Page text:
By one of the world's foremost literary critics, George Steiner's "My Unwritten Books" meditates upon seven books he had long had in mind to write, but never did. Massively erudite, the essays are also brave, unflinching, and wholly personal.
In this fiercely original and audacious work, George Steiner tells of seven books which he did not write. Because intimacies and indiscretions were too threatening. Because the topic brought too much pain. Because its emotional or intellectual challenge proved beyond his capacities.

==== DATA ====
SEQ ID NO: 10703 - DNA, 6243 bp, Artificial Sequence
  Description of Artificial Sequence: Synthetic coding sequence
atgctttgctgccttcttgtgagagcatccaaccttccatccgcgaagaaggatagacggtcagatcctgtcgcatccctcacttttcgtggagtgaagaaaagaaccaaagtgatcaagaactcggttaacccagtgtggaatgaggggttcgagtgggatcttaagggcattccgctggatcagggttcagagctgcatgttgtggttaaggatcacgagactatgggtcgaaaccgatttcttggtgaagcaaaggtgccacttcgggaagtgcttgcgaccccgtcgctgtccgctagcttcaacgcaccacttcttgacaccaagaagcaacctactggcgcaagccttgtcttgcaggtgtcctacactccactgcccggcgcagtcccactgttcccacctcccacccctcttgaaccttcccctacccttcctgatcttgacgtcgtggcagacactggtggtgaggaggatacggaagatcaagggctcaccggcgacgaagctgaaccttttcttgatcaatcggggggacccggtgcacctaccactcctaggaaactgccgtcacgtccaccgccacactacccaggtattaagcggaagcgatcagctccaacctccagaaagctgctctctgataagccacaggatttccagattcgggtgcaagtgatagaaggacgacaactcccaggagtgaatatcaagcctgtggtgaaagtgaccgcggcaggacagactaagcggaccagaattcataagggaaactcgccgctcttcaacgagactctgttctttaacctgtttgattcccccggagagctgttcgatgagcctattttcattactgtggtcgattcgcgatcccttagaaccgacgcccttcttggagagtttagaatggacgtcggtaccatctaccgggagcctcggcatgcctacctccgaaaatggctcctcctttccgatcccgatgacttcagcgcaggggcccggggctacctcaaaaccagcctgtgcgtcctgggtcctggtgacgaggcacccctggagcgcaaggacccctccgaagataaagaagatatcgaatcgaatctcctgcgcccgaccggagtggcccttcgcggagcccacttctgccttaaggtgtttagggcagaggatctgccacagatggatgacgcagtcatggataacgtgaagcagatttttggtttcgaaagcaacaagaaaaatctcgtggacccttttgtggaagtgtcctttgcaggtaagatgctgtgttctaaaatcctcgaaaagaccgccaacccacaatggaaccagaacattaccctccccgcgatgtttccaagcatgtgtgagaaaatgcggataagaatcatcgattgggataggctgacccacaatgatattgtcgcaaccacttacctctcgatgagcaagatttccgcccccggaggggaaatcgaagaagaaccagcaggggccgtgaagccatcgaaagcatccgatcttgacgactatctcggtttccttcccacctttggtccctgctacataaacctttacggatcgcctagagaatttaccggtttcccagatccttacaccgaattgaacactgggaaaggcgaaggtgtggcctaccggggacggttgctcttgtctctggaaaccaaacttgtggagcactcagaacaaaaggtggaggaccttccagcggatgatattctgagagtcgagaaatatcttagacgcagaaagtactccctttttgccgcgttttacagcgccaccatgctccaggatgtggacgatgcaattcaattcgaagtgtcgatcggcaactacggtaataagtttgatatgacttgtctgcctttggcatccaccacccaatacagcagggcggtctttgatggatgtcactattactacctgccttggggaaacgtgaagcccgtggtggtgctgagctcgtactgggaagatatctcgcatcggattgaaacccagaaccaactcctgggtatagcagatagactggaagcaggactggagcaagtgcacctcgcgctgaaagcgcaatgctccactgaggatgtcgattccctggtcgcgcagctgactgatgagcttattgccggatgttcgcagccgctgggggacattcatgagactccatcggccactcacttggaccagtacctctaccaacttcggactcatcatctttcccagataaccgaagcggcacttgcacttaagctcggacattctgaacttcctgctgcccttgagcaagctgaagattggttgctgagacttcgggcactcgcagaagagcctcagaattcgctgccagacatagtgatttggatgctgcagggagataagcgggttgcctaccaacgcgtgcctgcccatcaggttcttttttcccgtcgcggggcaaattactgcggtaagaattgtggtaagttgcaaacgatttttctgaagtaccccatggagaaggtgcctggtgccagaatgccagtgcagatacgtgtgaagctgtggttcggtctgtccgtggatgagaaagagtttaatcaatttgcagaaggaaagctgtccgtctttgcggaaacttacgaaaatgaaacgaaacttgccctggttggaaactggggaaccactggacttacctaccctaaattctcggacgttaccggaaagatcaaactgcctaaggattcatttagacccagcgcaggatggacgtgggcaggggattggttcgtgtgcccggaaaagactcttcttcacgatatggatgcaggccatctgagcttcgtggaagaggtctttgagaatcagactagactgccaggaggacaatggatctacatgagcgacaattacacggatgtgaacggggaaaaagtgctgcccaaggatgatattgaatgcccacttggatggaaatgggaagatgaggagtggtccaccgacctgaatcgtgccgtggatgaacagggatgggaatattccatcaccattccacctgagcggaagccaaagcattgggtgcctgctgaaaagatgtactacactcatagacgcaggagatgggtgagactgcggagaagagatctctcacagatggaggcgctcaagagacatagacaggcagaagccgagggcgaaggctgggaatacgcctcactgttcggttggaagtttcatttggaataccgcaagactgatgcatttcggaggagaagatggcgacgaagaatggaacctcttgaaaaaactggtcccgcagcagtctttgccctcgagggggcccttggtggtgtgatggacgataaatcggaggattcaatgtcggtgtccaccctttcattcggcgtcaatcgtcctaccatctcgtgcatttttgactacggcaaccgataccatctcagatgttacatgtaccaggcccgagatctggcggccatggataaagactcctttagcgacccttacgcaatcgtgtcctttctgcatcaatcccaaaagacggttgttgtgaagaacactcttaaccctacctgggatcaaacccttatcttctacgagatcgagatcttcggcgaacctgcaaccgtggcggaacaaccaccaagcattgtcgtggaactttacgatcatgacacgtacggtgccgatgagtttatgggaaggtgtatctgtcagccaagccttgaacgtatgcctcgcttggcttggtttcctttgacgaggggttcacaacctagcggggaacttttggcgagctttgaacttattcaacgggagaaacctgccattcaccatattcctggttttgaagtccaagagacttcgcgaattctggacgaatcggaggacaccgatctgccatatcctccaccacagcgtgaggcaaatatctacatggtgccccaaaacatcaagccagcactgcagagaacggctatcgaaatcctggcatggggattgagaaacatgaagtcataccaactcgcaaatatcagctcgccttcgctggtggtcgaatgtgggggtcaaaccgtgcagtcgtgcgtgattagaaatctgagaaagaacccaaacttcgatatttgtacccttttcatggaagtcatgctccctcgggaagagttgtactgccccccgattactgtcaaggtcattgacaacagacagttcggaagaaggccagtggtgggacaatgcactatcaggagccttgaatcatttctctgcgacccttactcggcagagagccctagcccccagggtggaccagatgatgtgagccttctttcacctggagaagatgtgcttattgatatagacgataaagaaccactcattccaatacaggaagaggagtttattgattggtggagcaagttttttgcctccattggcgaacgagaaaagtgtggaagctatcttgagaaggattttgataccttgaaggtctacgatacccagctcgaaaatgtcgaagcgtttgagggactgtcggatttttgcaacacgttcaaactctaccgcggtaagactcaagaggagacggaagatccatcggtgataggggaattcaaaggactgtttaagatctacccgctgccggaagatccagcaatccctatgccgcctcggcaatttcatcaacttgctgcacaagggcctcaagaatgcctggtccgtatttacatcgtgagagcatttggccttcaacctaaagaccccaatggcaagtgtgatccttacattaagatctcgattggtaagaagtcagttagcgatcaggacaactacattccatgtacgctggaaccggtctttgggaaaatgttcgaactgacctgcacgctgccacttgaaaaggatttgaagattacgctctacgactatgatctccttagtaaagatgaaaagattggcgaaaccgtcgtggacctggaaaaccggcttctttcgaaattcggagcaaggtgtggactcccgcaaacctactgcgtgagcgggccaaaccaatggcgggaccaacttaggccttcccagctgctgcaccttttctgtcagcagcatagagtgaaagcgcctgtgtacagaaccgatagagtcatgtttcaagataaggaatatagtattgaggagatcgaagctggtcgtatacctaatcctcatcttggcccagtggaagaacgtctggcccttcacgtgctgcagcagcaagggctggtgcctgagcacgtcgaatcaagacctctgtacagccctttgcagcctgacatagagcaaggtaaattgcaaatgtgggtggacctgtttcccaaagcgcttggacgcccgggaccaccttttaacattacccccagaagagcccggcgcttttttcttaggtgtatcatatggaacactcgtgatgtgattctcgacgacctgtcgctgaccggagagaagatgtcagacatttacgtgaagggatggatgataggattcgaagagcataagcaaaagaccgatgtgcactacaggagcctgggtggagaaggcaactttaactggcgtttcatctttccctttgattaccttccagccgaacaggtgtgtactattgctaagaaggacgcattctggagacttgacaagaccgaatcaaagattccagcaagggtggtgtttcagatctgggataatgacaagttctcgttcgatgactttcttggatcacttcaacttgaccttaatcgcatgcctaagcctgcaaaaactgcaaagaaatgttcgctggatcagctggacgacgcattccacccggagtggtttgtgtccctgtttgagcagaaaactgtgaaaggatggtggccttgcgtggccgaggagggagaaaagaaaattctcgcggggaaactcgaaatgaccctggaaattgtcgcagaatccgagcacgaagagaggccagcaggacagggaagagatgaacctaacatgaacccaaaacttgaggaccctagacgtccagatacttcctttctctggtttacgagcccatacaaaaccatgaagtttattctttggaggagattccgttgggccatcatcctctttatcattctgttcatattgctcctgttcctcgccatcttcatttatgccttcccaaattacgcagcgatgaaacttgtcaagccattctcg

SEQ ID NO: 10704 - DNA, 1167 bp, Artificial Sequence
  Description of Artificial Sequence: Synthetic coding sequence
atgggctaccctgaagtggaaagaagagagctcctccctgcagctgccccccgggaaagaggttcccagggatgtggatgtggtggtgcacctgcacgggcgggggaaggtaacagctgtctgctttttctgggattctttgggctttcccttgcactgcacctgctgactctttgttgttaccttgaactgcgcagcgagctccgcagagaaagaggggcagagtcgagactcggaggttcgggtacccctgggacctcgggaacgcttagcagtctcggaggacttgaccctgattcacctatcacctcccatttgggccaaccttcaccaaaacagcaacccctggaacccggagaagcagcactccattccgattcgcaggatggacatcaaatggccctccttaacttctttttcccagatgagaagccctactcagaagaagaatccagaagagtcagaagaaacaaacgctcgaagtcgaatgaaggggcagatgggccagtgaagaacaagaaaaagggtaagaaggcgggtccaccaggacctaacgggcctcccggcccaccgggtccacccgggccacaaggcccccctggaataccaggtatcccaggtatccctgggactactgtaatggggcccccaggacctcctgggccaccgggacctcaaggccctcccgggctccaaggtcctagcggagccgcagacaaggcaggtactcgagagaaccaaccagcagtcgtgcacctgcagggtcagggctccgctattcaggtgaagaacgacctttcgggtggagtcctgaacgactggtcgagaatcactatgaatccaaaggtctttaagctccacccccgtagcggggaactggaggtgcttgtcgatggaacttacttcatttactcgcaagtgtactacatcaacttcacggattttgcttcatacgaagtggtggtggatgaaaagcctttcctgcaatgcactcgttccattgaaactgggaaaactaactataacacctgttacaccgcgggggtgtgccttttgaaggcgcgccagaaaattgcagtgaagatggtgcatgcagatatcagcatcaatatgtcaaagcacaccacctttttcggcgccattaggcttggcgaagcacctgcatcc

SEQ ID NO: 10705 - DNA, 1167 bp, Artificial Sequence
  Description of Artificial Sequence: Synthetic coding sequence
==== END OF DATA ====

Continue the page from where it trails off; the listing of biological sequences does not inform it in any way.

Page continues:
The actual themes range widely and defy conventional taboos: the torment of the gifted when they live among--when they confront--the very great; the experience of sex in different languages; a love for animals greater than for human beings; the costly privilege of exile; a theology of emptiness.
Yet a unifying perception underlies this diversity. The best we have or can produce is only the tip of the iceberg. Behind every good book, as in a lit shadow, lies the book which remained unwritten, the one that would have failed better.